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Washington & Wilshire: How Hollywood is impacting the 2012 election

Actor George Clooney leaves after he spoke to the media March 15, 2012 at the White House in Washington, DC. Clooney had meeting with President Barack Obama to discuss the current situations in Darfur, Sudan.
Actor George Clooney leaves after he spoke to the media March 15, 2012 at the White House in Washington, DC. Clooney had meeting with President Barack Obama to discuss the current situations in Darfur, Sudan.
Alex Wong/Getty Images

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It’s a tradition spanning two centuries: Angeleno showbiz celebrities throwing their fame behind a favorite political cause.

The election of 2012 is no different, and some of the biggest names in Hollywood are leading the charge to help raise funds for President Obama’s reelection campaign. Variety's Ted Johnson said Democrats have been aggressive involving stars in politics. Celebrities such as George Clooney and Sarah Jessica Parker have hosted events and fundraised.

"That's been a bit of a risk, because it plays into the notion that Democrats are beholden to Hollywood," Johnson added. "Nevertheless, I think they have said it's a risk worth taking if the payoff is a very lucrative amount of money."

The moneyed Hollywood elites get flak for being too liberal from residents of more conservative parts of America, but the Republicans also have their vocal cadre of Hollywood supporters. And there was Clint Eastwood’s now-infamous ‘chair speech’ at the GOP Convention:

Eastwood's accusation that Hollywood's left would "hot-dog around" and flaunt its political leanings led to cheers and applause in Florida. Johnson said Democratic stars are more vocal, but instances akin to Eastwood's unexpected speech would never occur at the DNC.

"There is probably a little more of a savviness to liberal Hollywood, democratic Hollywood, just because there is much more of what I would call an infrastructure," he explained. "You have a community that has a long tradition of supporting democrats, and by that same token you probably have a lot more ... connection to advisors who can talk to a celebrity and explain to them exactly how you go out and how you stay on message, how you don't have something like what happened to Clint Eastwood out there."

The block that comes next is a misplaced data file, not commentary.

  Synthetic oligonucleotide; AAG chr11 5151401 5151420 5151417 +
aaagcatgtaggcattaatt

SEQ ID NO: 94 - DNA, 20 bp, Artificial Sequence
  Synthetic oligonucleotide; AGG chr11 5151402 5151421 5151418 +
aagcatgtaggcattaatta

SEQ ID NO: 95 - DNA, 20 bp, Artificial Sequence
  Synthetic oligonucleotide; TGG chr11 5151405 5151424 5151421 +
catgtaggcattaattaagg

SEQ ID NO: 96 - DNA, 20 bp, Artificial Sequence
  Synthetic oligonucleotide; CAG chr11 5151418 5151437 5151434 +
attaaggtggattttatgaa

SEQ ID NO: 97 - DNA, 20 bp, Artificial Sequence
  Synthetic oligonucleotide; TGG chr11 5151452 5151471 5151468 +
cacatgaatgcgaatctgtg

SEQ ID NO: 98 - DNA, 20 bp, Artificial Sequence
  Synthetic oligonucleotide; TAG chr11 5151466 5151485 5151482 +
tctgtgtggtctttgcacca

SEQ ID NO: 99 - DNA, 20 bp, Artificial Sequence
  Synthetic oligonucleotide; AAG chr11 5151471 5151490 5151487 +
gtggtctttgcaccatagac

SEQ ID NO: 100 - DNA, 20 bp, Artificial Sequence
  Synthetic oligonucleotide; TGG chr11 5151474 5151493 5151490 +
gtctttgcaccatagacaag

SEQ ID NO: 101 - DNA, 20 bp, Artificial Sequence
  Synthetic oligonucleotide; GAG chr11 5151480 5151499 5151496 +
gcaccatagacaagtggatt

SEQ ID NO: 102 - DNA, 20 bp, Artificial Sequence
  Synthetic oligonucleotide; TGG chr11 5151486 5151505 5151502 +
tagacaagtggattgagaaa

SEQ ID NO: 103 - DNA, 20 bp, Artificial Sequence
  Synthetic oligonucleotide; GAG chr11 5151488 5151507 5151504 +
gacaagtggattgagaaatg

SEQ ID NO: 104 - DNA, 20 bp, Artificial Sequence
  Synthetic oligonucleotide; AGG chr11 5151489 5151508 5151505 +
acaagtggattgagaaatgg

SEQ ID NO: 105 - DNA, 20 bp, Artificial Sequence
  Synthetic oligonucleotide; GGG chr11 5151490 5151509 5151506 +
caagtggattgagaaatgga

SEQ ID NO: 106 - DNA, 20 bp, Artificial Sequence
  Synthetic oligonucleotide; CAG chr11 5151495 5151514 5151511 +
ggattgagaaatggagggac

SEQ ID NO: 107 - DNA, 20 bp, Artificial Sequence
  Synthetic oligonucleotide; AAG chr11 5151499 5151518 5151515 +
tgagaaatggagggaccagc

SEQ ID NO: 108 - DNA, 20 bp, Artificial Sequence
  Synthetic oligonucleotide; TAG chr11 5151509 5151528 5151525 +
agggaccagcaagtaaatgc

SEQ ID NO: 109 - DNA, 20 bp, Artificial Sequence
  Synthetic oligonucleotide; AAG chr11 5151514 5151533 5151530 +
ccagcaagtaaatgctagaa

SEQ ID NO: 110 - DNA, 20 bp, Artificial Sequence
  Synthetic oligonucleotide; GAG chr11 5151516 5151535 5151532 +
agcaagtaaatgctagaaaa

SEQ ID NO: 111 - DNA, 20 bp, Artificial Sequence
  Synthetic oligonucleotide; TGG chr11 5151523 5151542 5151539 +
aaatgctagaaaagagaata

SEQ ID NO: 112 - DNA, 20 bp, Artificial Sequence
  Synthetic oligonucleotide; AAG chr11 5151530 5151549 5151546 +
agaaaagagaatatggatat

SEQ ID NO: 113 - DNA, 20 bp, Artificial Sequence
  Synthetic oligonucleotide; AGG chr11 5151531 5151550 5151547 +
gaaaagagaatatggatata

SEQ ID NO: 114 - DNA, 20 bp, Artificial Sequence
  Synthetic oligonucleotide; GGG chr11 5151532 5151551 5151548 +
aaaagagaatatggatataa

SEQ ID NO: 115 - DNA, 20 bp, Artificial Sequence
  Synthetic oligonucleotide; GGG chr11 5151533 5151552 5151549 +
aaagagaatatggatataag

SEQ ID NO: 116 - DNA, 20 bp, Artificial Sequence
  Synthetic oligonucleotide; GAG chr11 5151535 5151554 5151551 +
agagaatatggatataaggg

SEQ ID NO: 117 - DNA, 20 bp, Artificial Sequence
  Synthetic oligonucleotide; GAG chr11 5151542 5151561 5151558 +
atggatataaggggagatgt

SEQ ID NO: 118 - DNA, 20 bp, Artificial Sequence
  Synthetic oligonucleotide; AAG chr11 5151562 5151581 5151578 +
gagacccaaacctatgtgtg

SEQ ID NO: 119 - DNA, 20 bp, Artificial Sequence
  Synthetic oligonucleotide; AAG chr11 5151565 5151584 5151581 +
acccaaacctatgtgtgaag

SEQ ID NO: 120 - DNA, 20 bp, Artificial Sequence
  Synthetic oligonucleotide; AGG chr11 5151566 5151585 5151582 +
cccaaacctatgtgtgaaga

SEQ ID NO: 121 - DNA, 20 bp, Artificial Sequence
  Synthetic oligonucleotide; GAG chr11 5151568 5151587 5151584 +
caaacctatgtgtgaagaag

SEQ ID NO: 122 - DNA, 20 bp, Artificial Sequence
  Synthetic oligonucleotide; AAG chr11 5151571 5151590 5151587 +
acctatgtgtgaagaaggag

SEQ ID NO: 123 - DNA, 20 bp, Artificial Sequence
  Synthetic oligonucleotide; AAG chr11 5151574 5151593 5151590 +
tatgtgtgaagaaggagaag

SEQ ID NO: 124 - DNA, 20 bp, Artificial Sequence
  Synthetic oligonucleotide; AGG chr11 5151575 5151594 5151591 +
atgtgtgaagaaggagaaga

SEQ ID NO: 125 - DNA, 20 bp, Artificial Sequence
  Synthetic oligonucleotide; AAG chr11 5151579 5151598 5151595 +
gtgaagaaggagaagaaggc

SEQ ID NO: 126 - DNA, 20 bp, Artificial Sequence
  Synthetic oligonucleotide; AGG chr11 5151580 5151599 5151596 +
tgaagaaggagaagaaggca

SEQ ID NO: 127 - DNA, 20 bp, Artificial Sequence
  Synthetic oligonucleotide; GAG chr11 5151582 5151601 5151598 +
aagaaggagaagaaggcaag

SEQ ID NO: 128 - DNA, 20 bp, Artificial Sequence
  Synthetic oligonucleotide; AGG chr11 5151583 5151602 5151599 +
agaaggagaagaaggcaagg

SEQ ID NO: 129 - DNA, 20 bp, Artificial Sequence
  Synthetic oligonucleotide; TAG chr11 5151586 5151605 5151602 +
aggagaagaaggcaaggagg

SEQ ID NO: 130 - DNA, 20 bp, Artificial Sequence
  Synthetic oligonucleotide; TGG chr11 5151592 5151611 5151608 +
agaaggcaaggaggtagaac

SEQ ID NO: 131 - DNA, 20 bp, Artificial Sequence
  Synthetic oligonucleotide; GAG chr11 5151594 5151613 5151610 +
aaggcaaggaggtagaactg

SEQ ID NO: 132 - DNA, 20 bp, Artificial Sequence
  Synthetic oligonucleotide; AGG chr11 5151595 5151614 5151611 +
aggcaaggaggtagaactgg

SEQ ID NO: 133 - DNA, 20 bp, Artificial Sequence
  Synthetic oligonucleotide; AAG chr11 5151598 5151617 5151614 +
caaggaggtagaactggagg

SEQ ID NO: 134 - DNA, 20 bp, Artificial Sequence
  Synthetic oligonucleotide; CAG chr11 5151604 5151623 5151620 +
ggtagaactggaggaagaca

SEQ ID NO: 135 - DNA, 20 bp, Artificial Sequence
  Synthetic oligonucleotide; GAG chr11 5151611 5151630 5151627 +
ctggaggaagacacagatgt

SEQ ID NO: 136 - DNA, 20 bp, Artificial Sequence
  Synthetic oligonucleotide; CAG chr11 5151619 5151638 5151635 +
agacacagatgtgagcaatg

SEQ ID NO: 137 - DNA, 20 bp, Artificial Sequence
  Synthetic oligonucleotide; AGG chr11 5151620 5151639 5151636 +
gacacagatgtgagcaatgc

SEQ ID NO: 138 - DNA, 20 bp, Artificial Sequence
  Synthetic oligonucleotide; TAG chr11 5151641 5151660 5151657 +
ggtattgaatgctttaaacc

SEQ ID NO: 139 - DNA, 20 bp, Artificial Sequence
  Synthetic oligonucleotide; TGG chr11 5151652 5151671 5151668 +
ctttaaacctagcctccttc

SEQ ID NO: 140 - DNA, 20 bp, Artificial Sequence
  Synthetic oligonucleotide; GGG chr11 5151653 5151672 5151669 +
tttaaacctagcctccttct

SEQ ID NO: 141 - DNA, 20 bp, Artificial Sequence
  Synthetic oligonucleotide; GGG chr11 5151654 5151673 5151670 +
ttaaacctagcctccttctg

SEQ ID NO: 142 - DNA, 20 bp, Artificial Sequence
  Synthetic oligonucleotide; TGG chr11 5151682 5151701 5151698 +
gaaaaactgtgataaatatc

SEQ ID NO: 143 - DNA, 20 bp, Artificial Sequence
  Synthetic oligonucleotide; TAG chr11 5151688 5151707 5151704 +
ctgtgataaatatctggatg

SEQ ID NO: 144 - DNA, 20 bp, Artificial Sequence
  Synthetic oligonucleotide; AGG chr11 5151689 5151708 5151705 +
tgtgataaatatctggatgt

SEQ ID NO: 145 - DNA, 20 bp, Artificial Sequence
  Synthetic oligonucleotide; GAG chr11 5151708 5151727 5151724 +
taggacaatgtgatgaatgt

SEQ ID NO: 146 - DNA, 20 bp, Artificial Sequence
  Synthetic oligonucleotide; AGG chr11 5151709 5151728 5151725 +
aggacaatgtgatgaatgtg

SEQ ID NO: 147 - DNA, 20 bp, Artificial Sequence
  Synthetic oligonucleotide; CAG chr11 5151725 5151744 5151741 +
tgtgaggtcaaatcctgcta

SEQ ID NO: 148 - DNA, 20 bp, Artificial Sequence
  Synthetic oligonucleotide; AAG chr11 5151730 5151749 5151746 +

Johnson said actress Eva Longoria, national co-chair for Obama's campaign, is a case-in-point. She's slated to take the stage on Wednesday or Thursday in Charlotte.

"She has been trained by the Obama team to really stay on message. She's very much viewed by them as a leader of Hispanic public figures and that she can speak very well to that audience as well as to women. I think I can be pretty safe to assume that she will not be in the last hour of primetime Thursday night," he continued.

According to Johnson, "Gay Hollywood" has also made a strong showing at the DNC after Obama publically announced his support for same-sex marriage.

"There's a lot of enthusiasm from gay Hollywood. I just ran into a bunch of donors and fundraisers for them, and we walked to the LGBT caucus and the line is out the door. You can't even get into the room; the fire marshal has shut it down," he described.

But a number of Hollywood Democrats have revealed their frustration with the Obama administration, and Johnson expects celebrity turn-out to be smaller this year, along with the number of events, concerts and receptions. Johnson added that this isn't unprecedented.

"President Clinton actually went on to a pretty easy reelection against Bob Dole that year, and he did it without Hollywood. In fact, I'll never forget, the entertainment community was really upset he signed welfare reform," he recalled. "There was a contingent that was really kind of unhappy that Clinton turned out not be as left as they expected."


Who’s backing who? Who’s hosting what dinner? Do celebrity endorsements help or hurt candidates with mainstream voters, who might scorn the values of Hollywood’s more politically active players?


Ted Johnson, deputy editor for Variety, Wilshire & Washington blog